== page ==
Nobody likes asking for a pay rise. We hope that our efforts will be recognised and rewarded accordingly, but sadly that’s not always what happens. Managers may be busy focussing on budgets and targets and sometimes it takes for you to stand up and ask, instead of waiting for extra cash to appear in your pay packet.
Factors to consider before you ask for a raise include:
– Market information. Consult a specialist recruiter in your field and find out what the market norms are for you position. Keep the whole package in mind. You may find that you are paid at the lower end of the scale for your position in the market, but that you have a fabulous pension scheme or car allowance which compensates.
– Pay scales. Find out if there are restrictions in terms of pay scale. You may find that you are already at the top of that scale and your manager is restricted as to how much they can pay you, in which case you need to find out what you would have to do to achieve a promotion and go up to the next grade.
– Your cash value. Work out how much money you have saved/earned the company in the last 12 months and ask for an increase based on your cash value to the company.
– The management’s point of view. See it from the other side. How valuable are you as an employee? How easy would you be to replace? What precedents would it set for other employees?
How to approach the subject of a pay rise with your manager:
– Find out when the next salary reviews are due. If it’s in the next few weeks you may be better off waiting until they occur and then making your case. If it’s not for another six months then request a discussion with your manager.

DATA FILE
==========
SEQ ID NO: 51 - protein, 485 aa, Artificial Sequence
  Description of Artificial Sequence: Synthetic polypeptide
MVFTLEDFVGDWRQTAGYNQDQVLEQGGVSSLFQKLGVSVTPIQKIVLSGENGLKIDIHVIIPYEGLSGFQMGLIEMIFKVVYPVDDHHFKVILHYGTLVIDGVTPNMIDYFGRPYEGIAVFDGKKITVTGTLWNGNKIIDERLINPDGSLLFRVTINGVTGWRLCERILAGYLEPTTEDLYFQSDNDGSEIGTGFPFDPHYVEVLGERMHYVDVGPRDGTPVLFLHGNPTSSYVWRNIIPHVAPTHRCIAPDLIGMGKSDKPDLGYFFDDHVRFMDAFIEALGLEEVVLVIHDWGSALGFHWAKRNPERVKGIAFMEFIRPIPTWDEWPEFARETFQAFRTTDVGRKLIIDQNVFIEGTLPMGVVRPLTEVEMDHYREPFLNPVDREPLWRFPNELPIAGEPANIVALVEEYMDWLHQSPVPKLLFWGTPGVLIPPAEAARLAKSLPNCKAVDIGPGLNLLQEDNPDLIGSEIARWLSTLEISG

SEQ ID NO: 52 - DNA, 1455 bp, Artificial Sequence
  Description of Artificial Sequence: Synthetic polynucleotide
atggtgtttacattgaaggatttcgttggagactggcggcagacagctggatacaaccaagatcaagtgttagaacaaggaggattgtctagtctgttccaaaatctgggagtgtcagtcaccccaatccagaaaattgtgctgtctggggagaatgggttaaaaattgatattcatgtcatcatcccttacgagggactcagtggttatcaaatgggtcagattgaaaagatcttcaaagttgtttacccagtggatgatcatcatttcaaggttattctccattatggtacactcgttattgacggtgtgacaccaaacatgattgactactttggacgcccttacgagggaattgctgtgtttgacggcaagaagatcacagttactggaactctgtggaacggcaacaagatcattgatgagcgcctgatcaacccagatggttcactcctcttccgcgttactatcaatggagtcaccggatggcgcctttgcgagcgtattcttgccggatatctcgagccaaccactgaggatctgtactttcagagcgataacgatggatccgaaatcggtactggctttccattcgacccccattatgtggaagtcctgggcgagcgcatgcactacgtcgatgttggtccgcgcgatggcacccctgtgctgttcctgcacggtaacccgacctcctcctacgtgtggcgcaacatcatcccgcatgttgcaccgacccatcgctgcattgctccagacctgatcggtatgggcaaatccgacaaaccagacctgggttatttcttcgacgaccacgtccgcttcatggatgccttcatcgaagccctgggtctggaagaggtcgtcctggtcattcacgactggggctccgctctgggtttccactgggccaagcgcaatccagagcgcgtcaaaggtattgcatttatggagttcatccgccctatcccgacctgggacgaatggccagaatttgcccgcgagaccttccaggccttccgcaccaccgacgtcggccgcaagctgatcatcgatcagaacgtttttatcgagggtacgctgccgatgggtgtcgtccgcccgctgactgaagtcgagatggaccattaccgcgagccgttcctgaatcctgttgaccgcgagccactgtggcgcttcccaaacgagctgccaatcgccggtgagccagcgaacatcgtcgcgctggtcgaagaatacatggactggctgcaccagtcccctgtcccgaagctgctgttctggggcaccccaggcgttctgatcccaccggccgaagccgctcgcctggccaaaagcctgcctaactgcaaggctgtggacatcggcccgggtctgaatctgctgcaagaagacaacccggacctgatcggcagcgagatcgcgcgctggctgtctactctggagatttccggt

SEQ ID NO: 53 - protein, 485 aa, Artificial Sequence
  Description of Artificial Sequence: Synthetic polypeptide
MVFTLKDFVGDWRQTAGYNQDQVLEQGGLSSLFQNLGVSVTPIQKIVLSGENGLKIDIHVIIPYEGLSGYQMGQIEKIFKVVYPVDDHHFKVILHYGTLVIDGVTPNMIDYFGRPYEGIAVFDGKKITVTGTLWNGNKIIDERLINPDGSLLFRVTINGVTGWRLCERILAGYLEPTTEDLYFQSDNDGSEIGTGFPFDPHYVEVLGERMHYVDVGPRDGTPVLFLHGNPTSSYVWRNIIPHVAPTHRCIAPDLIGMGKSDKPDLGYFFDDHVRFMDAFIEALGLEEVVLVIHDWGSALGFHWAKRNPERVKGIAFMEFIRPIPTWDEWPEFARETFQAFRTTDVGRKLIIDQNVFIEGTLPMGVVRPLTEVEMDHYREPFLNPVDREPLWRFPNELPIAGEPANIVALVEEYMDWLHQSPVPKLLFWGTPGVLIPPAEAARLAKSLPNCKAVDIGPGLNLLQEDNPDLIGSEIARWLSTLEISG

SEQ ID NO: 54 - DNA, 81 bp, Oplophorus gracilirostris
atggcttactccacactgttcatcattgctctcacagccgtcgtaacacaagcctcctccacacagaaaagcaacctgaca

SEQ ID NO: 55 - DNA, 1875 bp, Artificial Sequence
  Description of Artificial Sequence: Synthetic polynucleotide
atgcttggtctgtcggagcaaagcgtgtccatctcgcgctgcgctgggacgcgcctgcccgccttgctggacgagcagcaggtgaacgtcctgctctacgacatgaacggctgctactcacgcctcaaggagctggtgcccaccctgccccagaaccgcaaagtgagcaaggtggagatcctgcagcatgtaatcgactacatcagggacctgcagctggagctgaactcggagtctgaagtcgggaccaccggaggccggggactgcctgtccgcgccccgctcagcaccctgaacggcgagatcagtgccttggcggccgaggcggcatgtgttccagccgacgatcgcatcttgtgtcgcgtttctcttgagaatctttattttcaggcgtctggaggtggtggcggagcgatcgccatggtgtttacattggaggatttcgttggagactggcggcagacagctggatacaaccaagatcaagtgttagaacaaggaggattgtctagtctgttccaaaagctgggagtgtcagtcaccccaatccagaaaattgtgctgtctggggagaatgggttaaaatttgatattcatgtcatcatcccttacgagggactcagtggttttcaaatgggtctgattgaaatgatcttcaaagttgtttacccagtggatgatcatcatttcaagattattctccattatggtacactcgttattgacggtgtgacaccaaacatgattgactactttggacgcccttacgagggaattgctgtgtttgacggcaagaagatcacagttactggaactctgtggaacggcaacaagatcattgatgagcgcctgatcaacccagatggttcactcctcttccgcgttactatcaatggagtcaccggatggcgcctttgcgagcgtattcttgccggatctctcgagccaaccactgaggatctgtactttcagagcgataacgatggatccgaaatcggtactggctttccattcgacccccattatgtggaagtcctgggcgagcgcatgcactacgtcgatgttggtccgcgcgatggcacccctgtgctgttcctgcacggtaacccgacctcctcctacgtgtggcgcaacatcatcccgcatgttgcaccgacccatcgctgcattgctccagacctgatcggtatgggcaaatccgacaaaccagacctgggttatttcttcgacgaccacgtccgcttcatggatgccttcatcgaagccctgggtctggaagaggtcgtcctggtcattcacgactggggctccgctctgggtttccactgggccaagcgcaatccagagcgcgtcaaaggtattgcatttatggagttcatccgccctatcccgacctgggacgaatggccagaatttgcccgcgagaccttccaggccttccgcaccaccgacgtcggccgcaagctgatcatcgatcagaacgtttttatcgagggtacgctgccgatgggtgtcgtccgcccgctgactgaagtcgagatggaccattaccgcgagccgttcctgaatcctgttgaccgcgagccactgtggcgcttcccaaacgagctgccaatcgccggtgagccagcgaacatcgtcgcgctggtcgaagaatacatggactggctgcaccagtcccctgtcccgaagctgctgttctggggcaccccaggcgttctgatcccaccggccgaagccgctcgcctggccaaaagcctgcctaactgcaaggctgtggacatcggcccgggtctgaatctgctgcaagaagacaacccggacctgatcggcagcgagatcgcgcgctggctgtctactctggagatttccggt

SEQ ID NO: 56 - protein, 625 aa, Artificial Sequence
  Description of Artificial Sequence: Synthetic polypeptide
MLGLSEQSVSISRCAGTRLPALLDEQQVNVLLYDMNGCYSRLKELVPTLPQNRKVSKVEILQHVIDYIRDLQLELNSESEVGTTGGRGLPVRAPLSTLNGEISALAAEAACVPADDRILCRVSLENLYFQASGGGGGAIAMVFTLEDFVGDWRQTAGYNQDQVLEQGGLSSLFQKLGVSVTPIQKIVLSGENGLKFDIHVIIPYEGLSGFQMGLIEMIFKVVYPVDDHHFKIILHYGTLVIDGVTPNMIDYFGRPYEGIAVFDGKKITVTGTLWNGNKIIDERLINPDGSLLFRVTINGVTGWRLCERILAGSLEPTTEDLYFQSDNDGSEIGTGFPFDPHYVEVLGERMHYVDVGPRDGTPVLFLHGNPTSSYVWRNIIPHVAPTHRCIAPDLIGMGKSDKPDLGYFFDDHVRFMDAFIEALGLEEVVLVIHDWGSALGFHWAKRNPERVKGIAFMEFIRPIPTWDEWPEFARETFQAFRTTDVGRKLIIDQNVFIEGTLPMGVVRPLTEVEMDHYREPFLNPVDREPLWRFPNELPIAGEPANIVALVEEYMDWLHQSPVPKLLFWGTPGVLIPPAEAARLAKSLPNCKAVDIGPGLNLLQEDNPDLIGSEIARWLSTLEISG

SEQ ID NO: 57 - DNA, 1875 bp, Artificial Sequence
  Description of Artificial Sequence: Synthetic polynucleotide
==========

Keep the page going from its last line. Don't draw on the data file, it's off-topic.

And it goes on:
– Ask for a face-to-face meeting. An email or letter will not suffice. You need to discuss the issue rationally, calmly and give both your manager and yourself the opportunity to ask questions.
– Take with you to the meeting a list of achievements and reasons why you deserve a pay rise.
– Also take with you evidence of your market worth. Take along testimonials from recruiters and salary surveys stating what your skills would be worth elsewhere.
What to do if your pay rise request is declined:
– It may be that your manager is restricted by current budgets. Ask when the next pay reviews will be and ask if you specifically will be considered for an increase in salary.
– Negotiate other benefits. There may be no more money in the salary pot, but you may be able to negotiate a higher contribution to your pension, flexible working hours, or extra training opportunities.
– Ask for extra work and responsibility, and have achievements linked to an increase in pay.
It may be tempting to threaten to resign in the hope that your employer will try to keep you with the offer of a higher salary. This is a dangerous game to play (particularly if you don’t have an offer of a job elsewhere!) Remember that you are in your career for the long haul and you want to burn as few bridges as possible. If you give your employer every opportunity to help you increase your salary and there is still no possibility of a raise or increased benefits, then perhaps it’s time to start looking around for a new position elsewhere.